Posted on February 24, 2017

Solano County: How PG&E Prepared for Northern California’s Powerful President’s Day Weekend Storm

By Deanna Contreras

BENICIA — It’s Thursday, Feb. 16 before the President’s Day holiday weekend and PG&E meteorologists were predicting more rain and wind.  That meant PG&E’s North Bay, Sonoma and Humboldt divisions were staffing according to the company’s outage prediction models and getting ready to activate local emergency centers.

At a yard in Benicia PG&E’s partner, Aggreko, already prepped and loaded generators onto trailers just in case they’re needed to help restore power from the upcoming storm.

PG&E Sonoma Division had a mobile command vehicle in Santa Rosa for last weekend's storm.

“We prepped what we call a six-pack, it’s 6 megawatts of power that can energize up to 2,500 homes, and we’ve pre-assembled it at our Benicia Service Center just for PG&E in case of an emergency event,” said Frank Pizzileo, business development manager for Aggreko.

“We also have something called the PowerPak that we designed specifically for PG&E that can get power directly on to the distribution lines and restore up to 300 residential customers quickly,” added Pizzileo.

By Friday (Feb. 17), the wind and rains had drenched the North Bay. Napa was particularly hit hard with more than 1,900 customers affected from two dozen outages.  With the soil already saturated from January’s storms, North Bay crews knew trees would be the number one cause of outages.

“There are a lot of trees down on our lines in several different areas but the biggest thing impacting customers right now is a big redwood tree that came down on Soscol Ave just north of Lincoln,” Steve Frediani, electric crew foreman supervisor for Napa said at the time.  “What’s been challenging is the large amount of outages in such a small area.”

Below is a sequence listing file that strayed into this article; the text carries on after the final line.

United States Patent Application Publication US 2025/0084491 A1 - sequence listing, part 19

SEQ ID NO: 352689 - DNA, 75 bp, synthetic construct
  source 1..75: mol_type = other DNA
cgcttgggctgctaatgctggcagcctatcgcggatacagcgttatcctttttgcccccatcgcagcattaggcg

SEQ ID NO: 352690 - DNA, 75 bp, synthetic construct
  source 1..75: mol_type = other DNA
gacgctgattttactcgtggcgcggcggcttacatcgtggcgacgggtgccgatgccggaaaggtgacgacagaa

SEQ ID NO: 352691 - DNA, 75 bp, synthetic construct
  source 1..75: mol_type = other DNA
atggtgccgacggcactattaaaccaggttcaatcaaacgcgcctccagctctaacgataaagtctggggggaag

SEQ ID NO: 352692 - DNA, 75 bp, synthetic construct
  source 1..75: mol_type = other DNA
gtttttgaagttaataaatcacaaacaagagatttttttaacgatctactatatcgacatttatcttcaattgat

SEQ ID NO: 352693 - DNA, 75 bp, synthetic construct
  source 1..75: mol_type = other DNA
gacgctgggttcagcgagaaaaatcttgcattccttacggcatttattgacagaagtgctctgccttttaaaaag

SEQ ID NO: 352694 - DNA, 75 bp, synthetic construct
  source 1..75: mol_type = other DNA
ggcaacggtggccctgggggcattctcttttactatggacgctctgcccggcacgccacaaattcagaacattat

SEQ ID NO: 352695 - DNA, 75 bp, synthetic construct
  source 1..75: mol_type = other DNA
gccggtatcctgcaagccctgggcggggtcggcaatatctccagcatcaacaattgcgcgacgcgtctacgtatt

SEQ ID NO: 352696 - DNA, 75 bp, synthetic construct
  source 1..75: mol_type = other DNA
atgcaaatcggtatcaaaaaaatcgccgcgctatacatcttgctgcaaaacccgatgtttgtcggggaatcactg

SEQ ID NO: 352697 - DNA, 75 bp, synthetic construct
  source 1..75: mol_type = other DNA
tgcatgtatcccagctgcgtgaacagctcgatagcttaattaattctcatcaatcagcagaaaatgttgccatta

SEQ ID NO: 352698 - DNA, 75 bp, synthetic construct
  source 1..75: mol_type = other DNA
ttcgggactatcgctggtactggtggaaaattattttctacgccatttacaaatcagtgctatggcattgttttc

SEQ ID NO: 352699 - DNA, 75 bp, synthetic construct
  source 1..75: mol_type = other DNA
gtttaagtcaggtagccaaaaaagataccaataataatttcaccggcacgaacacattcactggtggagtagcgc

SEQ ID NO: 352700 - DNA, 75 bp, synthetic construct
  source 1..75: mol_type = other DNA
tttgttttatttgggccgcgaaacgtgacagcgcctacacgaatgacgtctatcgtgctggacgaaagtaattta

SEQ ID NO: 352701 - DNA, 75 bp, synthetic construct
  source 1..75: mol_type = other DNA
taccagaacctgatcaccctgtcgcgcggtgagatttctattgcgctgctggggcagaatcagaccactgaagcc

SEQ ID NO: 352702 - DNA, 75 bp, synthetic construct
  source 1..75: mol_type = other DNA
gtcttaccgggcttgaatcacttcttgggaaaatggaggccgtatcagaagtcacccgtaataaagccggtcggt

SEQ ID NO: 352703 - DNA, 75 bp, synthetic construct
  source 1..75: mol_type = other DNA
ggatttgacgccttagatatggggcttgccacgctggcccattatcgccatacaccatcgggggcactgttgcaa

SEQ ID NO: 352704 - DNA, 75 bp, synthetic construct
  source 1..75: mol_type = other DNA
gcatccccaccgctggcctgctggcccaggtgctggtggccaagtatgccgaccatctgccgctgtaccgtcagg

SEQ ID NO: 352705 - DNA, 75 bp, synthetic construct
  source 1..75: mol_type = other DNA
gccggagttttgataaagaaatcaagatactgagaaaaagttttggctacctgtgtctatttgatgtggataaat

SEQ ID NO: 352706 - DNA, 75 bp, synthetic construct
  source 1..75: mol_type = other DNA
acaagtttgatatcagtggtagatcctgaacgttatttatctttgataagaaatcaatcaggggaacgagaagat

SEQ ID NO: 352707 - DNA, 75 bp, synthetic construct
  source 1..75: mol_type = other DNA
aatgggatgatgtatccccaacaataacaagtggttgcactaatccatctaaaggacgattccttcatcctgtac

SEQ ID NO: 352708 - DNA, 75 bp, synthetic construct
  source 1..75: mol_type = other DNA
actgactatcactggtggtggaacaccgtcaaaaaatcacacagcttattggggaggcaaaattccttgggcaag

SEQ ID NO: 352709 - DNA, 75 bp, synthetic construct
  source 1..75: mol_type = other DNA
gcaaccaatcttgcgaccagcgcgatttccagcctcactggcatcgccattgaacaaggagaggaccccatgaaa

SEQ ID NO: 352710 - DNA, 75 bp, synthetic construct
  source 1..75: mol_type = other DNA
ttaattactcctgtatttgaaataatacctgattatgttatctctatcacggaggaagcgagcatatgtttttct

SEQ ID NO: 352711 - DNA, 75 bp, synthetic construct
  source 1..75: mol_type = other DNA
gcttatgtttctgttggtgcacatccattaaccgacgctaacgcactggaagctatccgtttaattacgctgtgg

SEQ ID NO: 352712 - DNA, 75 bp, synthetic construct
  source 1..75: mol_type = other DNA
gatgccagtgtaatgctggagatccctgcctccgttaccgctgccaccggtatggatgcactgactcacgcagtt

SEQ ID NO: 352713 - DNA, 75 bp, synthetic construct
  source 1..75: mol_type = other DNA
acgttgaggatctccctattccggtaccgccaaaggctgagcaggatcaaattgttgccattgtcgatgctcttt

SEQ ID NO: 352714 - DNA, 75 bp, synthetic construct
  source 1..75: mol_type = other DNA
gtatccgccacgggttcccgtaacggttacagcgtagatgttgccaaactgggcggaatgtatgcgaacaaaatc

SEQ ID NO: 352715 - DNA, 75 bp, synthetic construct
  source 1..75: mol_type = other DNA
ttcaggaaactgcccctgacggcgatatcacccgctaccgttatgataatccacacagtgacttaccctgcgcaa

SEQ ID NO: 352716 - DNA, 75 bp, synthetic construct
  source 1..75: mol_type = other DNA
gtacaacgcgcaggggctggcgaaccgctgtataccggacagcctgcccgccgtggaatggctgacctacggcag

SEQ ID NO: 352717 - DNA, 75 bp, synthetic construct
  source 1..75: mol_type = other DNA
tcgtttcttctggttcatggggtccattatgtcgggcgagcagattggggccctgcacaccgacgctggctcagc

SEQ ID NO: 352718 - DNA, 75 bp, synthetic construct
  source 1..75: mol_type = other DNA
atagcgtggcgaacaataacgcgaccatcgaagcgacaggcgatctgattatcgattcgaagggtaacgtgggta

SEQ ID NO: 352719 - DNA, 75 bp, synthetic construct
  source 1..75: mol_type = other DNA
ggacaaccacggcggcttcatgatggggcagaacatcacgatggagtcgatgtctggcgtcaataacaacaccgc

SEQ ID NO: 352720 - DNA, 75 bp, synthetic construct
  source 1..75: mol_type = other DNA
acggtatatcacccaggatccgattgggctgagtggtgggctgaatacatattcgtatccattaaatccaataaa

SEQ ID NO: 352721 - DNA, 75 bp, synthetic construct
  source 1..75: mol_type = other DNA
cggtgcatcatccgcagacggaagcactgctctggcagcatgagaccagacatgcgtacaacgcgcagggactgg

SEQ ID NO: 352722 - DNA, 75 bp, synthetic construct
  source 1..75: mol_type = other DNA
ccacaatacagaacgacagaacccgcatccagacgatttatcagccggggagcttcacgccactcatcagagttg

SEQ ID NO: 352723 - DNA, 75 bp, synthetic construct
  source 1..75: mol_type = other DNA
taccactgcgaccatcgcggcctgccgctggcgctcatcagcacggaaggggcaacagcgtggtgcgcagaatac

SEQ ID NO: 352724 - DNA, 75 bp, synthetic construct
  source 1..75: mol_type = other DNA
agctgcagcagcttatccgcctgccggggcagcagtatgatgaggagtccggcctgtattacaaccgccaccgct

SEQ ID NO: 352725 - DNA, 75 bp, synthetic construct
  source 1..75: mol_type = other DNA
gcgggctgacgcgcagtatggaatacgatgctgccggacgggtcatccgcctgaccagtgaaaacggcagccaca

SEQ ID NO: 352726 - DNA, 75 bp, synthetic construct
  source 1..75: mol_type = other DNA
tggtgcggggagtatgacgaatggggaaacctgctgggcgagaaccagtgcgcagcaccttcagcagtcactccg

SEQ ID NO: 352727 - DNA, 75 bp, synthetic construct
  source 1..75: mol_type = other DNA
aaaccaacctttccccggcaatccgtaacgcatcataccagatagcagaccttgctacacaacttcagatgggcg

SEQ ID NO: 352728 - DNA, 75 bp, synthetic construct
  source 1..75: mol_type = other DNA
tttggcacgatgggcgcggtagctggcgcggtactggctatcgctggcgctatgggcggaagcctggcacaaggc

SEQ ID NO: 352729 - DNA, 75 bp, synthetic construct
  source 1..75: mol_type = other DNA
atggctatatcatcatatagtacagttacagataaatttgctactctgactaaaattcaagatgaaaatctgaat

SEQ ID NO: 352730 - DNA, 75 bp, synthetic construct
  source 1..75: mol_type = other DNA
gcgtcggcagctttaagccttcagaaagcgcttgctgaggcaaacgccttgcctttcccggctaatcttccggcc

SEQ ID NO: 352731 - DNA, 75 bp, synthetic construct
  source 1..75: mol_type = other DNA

Crews further north were also working at full speed making repairs and turning the lights back on safely and quickly as possible.  By the weekend, and in order to cover the vast area of widespread outages, PG&E’s Humboldt Division split into two emergency centers: Humboldt Division north, based in Eureka and Humboldt Division south, based in Ft. Bragg.  It’s a rare move that doesn’t happen often.

“We separated teams to reduce the span of control within the division given the forecasted category 4 weather impacts,” said Amanda Hans, incident commander for Humboldt north.

“The storm was forecasted to impact the entire division and with the current and forecasted road conditions, splitting the North and South not only enables us to focus our restoration strategy and communications, but also allows for alternatives in supporting our customers in the case where we are unable to move resources in and around the division,” she said.

In addition, PG&E requested Aggreko deploy two large-scale generation packages to the Humboldt Division: 7.2 megawatts of mobile generation in Willow Creek that could support 2,800 customers, if needed, and 5.4 megawatts of mobile generation in Hoopa that could support 2,242 customers.

By Sunday, and due to outages across our service territory, PG&E set up additional base camps in Scotts Valley, Fort Bragg and Santa Rosa to support the impacts of the storm and restoration.  PG&E Santa Rosa employees worked with Santa Rosa Veterans Memorial to set up one base camp in order to host crews coming in from other energy companies to help with restoration efforts.

“With all the storms we’ve had, the amount of rain just keeps adding up. What’s different about this [last] storm is the mudslides and flooding,” said Mike Montiel, electric distribution supervisor for PG&E’s Sonoma Division.  “There are certain areas where we know there will be flooding but the flooding usually recedes.  This time the flooding isn’t receding.  We have poles in six feet of water,” he said at the time of the storm.

By President’s Day evening the winds were really whipping.  The holiday evening brought on the busiest time for the crews across all three divisions with an increased number of outages overnight and into Tuesday.

“It seems like we’ve been in storm mode for the past two months, so we were prepped and ready to roll.  One thing about these storms is that we’re a well-oiled machine by now,” added Montiel.

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